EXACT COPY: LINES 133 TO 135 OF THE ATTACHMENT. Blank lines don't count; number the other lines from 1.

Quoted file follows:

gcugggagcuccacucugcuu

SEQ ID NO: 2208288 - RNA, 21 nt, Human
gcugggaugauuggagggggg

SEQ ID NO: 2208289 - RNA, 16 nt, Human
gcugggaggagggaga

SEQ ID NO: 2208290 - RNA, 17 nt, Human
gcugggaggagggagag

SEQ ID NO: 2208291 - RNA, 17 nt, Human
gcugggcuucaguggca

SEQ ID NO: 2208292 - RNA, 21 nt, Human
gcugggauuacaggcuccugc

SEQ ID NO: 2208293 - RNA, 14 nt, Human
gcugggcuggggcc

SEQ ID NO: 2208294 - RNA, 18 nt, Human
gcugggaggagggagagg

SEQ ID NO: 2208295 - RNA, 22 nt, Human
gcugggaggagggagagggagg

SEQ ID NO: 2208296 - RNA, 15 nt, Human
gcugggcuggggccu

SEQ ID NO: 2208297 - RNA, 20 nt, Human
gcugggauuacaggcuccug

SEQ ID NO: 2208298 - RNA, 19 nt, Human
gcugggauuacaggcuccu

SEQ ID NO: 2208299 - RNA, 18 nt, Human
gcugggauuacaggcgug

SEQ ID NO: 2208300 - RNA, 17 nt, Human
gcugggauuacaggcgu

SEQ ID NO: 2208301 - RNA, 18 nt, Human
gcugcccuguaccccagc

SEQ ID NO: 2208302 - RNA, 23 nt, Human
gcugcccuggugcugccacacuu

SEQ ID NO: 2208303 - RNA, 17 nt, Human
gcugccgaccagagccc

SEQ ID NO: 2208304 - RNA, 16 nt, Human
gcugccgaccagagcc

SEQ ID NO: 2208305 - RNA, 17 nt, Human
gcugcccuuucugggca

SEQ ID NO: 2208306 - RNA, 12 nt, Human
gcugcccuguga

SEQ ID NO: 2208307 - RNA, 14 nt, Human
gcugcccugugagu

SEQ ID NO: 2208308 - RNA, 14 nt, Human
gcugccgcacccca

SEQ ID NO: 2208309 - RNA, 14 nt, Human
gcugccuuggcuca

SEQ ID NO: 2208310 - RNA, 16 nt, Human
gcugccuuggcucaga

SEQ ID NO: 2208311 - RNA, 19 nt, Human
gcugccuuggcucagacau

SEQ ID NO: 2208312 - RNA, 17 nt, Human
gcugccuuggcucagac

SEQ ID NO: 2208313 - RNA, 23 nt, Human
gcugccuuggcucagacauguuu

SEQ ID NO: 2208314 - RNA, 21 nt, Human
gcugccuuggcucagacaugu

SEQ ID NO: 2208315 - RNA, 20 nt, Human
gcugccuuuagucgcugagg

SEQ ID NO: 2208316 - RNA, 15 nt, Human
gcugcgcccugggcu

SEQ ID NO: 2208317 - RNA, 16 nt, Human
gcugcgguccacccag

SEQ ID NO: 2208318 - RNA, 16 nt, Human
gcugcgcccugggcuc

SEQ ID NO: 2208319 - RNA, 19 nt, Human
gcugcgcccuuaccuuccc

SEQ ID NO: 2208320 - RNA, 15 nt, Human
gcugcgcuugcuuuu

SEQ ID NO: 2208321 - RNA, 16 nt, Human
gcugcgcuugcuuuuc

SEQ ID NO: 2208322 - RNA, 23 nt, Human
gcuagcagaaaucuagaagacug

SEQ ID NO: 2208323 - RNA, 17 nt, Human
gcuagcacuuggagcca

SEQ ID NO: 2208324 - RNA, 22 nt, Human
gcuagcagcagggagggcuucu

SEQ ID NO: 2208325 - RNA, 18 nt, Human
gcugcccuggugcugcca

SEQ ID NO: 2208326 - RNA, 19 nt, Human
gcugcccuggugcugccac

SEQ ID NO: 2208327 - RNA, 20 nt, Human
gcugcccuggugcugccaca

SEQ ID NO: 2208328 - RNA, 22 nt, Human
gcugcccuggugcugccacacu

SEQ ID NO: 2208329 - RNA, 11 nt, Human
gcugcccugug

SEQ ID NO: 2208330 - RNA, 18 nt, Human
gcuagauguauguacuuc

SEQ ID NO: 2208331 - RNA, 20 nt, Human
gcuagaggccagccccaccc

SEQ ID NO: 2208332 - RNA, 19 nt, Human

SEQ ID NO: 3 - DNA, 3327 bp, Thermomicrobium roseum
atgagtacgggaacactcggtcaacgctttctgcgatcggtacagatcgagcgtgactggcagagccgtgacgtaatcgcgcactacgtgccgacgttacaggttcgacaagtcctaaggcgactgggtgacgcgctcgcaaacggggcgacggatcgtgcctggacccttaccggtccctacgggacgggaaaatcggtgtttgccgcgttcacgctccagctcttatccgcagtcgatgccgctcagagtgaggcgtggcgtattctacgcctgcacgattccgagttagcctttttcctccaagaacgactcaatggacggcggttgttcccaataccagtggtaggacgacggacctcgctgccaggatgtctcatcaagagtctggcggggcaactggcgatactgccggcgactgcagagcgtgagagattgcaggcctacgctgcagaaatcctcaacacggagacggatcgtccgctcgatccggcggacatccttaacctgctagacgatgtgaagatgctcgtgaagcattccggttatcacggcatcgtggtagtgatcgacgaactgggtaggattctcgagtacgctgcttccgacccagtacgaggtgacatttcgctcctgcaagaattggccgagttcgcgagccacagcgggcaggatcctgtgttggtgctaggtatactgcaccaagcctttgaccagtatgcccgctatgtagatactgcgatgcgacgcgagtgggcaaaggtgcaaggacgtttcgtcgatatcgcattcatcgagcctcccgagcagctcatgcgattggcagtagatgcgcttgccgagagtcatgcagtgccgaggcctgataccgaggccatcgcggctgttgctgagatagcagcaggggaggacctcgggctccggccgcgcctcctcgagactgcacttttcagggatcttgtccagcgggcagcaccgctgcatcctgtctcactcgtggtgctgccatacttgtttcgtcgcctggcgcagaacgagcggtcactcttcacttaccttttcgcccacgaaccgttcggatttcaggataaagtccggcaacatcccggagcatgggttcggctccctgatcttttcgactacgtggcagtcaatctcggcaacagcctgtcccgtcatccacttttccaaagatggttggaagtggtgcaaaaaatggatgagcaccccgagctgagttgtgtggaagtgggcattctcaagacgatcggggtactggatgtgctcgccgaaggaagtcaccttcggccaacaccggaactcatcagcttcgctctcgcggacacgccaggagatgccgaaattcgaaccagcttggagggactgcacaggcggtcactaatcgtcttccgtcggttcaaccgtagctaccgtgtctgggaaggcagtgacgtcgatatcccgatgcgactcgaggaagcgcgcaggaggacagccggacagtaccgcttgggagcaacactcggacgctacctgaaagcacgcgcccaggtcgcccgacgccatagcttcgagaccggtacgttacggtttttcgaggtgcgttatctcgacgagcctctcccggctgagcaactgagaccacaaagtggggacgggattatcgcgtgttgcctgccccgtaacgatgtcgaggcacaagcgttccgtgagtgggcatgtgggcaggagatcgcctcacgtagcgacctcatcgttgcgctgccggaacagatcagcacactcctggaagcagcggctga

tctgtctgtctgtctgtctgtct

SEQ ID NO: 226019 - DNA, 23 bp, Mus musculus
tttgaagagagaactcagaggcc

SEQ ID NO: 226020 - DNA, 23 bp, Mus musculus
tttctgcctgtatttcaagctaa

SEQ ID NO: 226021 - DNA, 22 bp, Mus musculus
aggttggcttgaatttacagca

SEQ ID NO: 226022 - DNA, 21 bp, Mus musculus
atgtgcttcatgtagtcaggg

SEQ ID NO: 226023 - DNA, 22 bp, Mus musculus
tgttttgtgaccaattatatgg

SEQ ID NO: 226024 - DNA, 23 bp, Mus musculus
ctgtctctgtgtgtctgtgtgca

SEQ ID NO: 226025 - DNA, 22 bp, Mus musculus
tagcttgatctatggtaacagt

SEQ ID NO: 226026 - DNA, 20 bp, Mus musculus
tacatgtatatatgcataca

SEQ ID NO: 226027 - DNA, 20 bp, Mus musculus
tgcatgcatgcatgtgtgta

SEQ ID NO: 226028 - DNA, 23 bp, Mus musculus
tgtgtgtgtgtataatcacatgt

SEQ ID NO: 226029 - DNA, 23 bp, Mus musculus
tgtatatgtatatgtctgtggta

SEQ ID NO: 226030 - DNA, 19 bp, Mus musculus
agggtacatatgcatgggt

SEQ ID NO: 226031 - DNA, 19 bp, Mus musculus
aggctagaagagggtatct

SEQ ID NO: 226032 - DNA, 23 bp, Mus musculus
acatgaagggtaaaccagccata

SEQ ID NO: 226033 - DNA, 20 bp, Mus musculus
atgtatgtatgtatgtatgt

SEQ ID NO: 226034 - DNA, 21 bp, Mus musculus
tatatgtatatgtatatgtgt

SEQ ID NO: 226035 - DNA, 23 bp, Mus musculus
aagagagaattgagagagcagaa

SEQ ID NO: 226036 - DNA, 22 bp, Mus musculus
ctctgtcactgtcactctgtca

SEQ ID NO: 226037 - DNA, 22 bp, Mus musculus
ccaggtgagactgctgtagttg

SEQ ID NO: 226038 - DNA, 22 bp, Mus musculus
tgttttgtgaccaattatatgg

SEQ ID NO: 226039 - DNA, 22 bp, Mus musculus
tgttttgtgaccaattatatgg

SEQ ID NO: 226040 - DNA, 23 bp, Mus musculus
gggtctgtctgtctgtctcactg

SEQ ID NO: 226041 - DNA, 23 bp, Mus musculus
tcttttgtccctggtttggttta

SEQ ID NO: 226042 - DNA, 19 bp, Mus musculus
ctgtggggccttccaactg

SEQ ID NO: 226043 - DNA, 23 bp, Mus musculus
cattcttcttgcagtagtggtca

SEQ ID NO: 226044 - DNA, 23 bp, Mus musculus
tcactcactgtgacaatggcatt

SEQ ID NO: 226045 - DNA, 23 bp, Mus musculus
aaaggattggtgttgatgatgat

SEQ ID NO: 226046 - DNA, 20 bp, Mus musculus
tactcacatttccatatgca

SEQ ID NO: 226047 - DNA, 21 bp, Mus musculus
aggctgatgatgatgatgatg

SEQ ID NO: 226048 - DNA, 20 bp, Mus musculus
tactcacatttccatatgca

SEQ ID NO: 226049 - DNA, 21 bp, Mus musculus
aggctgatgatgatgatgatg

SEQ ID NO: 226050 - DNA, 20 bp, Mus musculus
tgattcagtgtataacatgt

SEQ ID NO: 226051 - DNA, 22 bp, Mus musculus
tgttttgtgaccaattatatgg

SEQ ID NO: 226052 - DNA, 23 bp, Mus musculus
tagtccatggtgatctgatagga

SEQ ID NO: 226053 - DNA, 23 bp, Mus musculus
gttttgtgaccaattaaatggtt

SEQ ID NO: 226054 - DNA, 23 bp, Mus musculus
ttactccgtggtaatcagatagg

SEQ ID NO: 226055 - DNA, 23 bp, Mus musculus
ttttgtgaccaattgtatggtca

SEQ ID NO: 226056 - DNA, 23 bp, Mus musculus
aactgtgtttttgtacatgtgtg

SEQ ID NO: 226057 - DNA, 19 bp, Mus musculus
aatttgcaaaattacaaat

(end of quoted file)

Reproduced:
tgttttgtgaccaattatatgg

SEQ ID NO: 226039 - DNA, 22 bp, Mus musculus
tgttttgtgaccaattatatgg